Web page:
Jeff Brotman, an attorney and founder of Costco, which became one of the world’s largest retailers by luring loyal stores with startlingly low prices on everyday products, descended from Jewish Romanian family, according to New York Times.
Brotman was born ]n 1942 to a Jewish family in Tacoma, Washington, the son of Pearl and Bernie Brotman. His grandparents were Jewish emigrants from Romania to Saskatchewan; his parents immigrated to the US and settled in Tacoma. The son of son of Jewish immigrants from Romania, Brotman not only transformed the way many families shop, he “transformed the way we treat people”, according to King 5 news in Seattle.
His father was an owner of Seattle Knitting Mills. Along with his uncles, he owned a chain of 18 retail stores in Washington and Oregon named Bernie’s. Mr. Brotman earned a bachelor’s degree in political science at the University of Washington in 1964 and graduated from its law school in 1967.
He practiced law for seven years at Lasher, Brotman & Sweet, but was drawn back to retail, opening a women’s jeans shop and men’s store, Jeffrey Michel, with his brother. He put into practice lessons he learned from his parents, including treating employees the way you would treat family members.
The idea to start Costco came after a trip to France, where Brotman saw a hypermarket that combined a discount grocery store with a department store. At the time, his father encouraged him to look at Price Club in California. With those ideas in mind, Brotman sought out Jim Sinegal, who already had a reputation in the wholesale club business, to join him. “We hit it off immediately,” says Sinegal. “He was so much more than a business partner.”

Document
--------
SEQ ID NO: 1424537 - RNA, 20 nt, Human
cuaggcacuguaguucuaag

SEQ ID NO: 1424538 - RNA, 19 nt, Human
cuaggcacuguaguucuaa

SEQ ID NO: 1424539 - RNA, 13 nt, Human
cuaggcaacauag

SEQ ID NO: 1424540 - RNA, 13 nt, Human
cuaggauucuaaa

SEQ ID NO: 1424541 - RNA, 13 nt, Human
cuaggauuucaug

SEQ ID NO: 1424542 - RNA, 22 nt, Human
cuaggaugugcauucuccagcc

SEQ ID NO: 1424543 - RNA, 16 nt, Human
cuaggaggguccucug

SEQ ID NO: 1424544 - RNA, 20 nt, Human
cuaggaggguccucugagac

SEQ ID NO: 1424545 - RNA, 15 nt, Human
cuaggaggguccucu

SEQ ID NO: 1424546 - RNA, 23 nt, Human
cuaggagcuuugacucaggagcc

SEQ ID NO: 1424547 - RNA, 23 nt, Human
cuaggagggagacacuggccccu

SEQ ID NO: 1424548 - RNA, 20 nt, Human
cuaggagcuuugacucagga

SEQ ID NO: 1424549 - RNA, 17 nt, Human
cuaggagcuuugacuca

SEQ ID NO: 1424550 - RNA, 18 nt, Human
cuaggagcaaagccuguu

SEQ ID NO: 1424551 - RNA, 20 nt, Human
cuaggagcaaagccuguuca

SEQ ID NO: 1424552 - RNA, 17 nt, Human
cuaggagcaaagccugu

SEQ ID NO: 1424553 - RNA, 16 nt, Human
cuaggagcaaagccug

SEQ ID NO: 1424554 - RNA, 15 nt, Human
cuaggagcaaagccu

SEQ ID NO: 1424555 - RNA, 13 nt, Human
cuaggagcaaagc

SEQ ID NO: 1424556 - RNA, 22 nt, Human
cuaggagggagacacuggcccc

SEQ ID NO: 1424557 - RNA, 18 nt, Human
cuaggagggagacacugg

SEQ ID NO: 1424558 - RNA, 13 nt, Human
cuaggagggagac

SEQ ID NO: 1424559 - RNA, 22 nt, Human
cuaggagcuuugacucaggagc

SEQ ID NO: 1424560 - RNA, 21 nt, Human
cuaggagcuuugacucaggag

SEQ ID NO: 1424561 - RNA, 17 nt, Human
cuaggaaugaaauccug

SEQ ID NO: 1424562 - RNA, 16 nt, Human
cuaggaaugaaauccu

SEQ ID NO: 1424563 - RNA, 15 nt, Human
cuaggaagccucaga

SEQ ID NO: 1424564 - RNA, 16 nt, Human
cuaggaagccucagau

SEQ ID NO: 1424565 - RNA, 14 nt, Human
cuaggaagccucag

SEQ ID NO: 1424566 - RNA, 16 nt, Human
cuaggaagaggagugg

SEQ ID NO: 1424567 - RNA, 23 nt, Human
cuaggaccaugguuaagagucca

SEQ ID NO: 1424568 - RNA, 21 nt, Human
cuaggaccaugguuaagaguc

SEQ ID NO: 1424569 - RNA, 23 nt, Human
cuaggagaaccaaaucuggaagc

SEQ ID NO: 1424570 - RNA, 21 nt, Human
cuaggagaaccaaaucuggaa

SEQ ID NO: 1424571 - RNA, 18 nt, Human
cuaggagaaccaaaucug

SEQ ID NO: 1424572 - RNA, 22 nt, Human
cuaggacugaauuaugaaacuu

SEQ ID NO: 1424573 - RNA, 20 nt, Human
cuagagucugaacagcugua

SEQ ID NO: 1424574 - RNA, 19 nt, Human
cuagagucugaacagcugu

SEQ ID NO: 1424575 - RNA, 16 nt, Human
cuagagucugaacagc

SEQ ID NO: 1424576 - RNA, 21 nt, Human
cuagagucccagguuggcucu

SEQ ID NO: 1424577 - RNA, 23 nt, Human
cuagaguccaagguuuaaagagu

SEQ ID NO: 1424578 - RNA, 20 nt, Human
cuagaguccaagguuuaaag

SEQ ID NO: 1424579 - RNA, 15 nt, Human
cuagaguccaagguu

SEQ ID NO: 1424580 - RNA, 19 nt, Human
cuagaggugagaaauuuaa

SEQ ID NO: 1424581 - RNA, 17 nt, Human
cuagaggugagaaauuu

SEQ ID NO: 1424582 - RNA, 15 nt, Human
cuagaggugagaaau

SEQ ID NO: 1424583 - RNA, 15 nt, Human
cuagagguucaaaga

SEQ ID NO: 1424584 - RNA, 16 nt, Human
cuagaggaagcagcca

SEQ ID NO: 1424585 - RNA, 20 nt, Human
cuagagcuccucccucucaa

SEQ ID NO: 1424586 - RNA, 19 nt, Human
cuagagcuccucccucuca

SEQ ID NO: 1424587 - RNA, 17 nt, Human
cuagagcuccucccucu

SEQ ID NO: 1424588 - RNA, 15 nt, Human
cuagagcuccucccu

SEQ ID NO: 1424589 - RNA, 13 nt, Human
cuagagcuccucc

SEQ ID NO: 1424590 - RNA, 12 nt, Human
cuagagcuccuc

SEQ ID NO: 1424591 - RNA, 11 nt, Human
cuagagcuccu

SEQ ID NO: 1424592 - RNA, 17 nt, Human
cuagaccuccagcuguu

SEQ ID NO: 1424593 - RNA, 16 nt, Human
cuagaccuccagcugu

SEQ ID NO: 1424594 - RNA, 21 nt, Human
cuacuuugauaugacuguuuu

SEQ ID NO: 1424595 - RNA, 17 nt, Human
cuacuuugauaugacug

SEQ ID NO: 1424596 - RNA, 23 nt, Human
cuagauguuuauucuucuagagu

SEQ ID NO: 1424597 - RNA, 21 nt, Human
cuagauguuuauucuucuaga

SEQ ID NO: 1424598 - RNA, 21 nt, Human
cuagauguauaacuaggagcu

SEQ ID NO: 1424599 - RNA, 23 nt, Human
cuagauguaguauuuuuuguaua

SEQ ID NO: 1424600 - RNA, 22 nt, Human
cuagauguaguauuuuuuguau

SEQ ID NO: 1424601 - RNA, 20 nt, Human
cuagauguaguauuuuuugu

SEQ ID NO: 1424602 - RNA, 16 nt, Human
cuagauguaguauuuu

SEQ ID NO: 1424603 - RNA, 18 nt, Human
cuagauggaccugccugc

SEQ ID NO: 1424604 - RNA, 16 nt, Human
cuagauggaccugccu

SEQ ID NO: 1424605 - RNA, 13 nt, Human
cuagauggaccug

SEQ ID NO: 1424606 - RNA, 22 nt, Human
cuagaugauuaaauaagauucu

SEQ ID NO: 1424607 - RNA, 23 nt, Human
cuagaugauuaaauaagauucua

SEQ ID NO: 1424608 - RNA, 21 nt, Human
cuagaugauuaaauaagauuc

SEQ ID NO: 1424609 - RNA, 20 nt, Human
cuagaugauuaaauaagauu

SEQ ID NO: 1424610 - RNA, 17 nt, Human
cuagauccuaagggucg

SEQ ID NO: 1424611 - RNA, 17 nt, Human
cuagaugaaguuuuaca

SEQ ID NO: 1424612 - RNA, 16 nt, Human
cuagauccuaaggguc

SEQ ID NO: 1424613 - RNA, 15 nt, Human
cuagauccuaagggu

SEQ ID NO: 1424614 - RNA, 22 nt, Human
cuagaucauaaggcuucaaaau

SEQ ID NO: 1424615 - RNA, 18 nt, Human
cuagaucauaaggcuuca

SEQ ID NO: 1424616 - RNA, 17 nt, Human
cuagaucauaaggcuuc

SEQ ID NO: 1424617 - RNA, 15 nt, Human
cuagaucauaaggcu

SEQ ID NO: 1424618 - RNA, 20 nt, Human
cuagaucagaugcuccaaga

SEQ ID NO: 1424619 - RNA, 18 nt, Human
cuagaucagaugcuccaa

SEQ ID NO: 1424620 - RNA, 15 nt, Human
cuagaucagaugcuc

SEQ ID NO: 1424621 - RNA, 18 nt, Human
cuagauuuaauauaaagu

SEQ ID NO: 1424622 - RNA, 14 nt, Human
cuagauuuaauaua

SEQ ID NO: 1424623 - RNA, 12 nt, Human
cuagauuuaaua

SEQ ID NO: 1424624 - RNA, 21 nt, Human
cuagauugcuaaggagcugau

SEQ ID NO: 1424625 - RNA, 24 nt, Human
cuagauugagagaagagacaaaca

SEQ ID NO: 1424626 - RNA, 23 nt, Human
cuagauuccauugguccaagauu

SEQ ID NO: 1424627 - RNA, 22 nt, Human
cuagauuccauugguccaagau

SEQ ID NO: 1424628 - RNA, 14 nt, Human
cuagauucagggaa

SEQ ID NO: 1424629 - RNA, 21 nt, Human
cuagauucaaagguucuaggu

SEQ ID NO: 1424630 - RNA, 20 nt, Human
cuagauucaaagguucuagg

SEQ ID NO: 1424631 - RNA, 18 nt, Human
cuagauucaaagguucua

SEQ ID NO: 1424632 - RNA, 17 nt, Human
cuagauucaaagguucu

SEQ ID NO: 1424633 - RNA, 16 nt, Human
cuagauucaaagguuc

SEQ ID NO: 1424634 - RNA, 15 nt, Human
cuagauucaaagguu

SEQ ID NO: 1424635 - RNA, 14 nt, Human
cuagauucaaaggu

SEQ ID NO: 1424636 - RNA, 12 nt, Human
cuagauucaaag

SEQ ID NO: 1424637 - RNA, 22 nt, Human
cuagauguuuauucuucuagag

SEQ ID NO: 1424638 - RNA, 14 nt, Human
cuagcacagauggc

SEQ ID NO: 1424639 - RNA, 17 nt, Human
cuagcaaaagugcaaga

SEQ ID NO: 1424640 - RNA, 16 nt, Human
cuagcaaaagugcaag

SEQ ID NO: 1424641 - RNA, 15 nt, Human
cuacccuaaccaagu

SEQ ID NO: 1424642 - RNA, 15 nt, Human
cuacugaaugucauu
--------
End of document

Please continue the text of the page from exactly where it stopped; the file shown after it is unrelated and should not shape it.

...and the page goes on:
Today, Costco has 727 locations, operates in eight countries, and has 85 million members. Costco Wholesale of Issaquah, Wash., announced his death three years back but gave no cause. The company said Mr. Brotman had attended a dinner for its warehouse managers on Monday night in nearby Seattle.
According to New York Times, he had been a reluctant retailer at first. After working in his family’s chain of 18 men’s stores during college, Mr. Brotman sought to escape a retail career by applying for law school. But his business acumen proved too compelling.
Costco was the world’s largest retailer of a wide range of products, including organic foods and wine, in recent years. The company took in about $120 billion last year, its revenues second only to Walmart (although Costco was recently bumped to third place by Amazon).
He also served on the boards of Seafirst Bank, Starbucks, and was a trustee at the Seattle Art Museum. He and his wife Susan donated to numerous causes, especially at the University of Washington, where they funded hundreds of student scholarships.
Mr. Brotman married the former Susan Thrailkill, an executive for Nordstrom department stores, whom he met on a blind date. Besides his brother, Mr. Brotman is survived by his wife; their son, Justin; their daughter, Amanda Brotman-Schetritt, and two grandchildren.
Mr. Brotman also drew attention as a campaign fund-raiser for Democratic candidates and, with his wife, as a philanthropist whose beneficiaries included the University of Washington and the Seattle Art Museum.